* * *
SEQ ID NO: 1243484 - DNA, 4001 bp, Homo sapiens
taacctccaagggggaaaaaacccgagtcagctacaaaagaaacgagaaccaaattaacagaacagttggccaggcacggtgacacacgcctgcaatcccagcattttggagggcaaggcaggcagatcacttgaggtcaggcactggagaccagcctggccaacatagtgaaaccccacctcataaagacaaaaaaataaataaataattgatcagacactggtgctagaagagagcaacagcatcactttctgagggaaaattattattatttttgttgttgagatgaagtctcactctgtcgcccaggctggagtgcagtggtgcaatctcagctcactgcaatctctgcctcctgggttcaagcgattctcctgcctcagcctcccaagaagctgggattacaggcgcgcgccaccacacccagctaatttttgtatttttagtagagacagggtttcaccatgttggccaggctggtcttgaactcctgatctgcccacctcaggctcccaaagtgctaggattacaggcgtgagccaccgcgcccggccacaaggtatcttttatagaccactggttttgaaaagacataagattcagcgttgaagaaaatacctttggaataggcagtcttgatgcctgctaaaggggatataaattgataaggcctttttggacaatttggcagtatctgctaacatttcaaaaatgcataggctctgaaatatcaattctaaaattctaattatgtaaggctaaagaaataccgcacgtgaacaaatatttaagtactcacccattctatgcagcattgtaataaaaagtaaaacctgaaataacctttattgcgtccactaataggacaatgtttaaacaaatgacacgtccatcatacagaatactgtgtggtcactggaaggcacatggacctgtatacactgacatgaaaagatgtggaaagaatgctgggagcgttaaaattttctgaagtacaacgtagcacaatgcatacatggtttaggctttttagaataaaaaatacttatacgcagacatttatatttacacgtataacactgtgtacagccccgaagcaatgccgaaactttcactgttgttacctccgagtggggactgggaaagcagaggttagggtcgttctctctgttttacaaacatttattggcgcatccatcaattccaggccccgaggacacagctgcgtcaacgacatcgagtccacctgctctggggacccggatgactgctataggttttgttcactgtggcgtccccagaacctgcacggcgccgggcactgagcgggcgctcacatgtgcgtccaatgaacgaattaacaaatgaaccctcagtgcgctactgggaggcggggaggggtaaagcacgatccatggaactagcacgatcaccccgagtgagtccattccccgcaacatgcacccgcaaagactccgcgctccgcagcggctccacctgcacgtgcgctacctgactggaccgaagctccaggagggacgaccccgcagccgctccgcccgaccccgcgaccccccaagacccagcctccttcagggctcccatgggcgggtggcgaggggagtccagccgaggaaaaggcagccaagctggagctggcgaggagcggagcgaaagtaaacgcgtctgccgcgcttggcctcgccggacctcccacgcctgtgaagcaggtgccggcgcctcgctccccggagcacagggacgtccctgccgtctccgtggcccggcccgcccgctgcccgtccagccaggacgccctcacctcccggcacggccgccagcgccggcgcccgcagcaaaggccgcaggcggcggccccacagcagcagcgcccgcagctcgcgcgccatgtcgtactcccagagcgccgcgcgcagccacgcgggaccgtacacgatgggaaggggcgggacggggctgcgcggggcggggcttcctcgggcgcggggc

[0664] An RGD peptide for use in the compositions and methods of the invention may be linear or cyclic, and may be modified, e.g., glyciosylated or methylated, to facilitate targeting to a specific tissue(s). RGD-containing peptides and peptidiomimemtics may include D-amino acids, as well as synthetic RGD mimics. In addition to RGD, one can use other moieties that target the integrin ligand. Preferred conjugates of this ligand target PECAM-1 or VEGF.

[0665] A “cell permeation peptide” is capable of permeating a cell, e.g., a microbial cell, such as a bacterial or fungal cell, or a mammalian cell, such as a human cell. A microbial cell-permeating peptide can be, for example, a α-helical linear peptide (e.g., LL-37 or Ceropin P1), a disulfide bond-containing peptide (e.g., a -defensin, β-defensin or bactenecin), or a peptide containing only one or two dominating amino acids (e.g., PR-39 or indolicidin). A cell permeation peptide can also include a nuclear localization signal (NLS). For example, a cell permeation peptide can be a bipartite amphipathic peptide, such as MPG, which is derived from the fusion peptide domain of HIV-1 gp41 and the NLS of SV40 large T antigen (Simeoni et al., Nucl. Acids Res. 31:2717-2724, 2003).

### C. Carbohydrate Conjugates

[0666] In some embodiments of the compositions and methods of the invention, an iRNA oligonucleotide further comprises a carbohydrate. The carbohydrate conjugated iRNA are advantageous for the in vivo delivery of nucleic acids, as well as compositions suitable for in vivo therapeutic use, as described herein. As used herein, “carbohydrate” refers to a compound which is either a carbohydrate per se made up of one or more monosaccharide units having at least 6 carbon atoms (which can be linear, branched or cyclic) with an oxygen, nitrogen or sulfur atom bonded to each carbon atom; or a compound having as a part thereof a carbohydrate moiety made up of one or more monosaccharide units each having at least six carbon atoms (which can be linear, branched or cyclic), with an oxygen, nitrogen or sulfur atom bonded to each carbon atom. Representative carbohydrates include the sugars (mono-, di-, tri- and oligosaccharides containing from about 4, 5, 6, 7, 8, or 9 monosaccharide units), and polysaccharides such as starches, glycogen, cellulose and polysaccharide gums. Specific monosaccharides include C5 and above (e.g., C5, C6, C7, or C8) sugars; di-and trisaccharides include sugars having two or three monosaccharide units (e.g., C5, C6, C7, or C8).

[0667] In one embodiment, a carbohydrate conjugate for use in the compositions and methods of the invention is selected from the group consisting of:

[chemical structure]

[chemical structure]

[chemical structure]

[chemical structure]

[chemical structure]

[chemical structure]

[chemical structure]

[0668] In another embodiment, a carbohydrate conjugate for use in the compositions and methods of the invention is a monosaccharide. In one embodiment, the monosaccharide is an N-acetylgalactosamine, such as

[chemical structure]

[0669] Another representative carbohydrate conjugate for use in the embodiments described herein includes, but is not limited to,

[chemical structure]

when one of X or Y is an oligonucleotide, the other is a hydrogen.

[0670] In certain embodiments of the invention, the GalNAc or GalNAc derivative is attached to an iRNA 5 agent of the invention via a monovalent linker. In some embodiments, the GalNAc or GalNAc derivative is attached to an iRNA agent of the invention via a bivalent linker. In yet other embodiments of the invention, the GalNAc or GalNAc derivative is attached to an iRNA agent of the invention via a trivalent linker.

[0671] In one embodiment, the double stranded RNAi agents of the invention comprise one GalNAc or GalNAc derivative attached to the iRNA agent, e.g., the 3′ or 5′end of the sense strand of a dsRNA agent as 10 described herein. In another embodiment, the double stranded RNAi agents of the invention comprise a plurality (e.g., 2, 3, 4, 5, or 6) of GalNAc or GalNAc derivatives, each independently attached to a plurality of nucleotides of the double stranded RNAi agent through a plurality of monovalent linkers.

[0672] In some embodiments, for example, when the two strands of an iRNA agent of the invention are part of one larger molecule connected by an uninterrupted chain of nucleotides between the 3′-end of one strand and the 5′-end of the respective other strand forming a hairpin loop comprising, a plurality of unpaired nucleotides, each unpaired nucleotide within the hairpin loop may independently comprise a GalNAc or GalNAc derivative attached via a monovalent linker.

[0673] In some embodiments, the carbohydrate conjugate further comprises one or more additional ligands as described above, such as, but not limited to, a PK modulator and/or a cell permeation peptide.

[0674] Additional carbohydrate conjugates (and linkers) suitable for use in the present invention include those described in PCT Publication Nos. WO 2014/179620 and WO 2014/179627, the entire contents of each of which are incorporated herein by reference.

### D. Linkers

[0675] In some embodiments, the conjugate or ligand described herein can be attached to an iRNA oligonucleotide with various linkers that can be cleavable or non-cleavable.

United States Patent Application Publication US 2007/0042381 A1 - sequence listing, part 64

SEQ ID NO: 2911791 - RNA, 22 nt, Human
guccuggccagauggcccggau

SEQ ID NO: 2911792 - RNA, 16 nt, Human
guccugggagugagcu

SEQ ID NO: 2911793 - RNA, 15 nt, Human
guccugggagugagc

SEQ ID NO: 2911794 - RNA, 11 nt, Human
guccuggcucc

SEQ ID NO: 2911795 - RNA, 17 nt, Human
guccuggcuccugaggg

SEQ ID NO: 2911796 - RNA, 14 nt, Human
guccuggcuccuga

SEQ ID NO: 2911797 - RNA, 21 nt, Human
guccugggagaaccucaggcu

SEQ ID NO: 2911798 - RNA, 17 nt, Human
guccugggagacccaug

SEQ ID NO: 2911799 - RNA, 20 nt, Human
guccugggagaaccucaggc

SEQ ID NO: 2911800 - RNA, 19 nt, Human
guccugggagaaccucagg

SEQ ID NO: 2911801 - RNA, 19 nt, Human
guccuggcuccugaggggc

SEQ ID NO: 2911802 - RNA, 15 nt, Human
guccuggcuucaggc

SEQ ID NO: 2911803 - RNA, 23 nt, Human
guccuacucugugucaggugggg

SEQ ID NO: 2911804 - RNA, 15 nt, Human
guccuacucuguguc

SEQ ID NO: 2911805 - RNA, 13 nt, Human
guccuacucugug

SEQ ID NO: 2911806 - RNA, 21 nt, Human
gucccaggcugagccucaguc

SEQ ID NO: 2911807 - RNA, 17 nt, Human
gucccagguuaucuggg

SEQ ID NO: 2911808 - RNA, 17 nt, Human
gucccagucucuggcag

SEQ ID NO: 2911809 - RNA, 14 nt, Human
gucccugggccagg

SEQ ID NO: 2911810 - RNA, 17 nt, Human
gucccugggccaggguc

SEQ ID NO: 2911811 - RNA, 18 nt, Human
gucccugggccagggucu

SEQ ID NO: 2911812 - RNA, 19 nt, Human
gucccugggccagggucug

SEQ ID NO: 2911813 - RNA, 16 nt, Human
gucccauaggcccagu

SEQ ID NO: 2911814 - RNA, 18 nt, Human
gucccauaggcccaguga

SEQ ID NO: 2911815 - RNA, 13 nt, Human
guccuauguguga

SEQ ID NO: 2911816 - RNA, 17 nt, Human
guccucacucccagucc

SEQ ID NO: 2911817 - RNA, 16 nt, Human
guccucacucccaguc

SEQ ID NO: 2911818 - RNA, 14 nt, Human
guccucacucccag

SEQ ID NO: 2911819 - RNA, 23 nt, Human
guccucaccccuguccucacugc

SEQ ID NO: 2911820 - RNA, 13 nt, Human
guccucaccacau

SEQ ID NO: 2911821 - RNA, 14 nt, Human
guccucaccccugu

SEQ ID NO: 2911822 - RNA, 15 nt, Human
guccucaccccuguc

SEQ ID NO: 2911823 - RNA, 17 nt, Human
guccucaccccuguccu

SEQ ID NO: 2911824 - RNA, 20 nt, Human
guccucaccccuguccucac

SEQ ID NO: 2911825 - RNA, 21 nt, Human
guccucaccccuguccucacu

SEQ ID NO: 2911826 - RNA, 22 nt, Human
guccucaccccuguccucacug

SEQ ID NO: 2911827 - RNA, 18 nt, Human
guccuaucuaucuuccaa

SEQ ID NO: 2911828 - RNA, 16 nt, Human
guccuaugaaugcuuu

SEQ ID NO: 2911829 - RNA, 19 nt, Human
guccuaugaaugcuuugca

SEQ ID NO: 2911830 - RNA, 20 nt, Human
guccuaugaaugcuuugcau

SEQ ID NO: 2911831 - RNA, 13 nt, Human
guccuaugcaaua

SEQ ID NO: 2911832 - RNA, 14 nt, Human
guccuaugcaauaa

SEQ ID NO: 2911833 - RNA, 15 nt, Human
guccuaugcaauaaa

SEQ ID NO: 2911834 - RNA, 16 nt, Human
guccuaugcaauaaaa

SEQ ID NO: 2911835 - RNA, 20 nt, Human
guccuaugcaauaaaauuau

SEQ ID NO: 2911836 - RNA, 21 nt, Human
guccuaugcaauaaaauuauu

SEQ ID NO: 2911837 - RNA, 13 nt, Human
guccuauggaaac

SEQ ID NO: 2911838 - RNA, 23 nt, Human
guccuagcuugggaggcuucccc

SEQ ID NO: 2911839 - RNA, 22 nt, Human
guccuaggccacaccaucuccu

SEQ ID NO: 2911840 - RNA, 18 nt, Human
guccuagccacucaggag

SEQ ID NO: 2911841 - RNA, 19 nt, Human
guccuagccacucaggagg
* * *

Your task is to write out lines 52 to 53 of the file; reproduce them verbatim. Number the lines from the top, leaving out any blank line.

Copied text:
SEQ ID NO: 2911803 - RNA, 23 nt, Human
guccuacucugugucaggugggg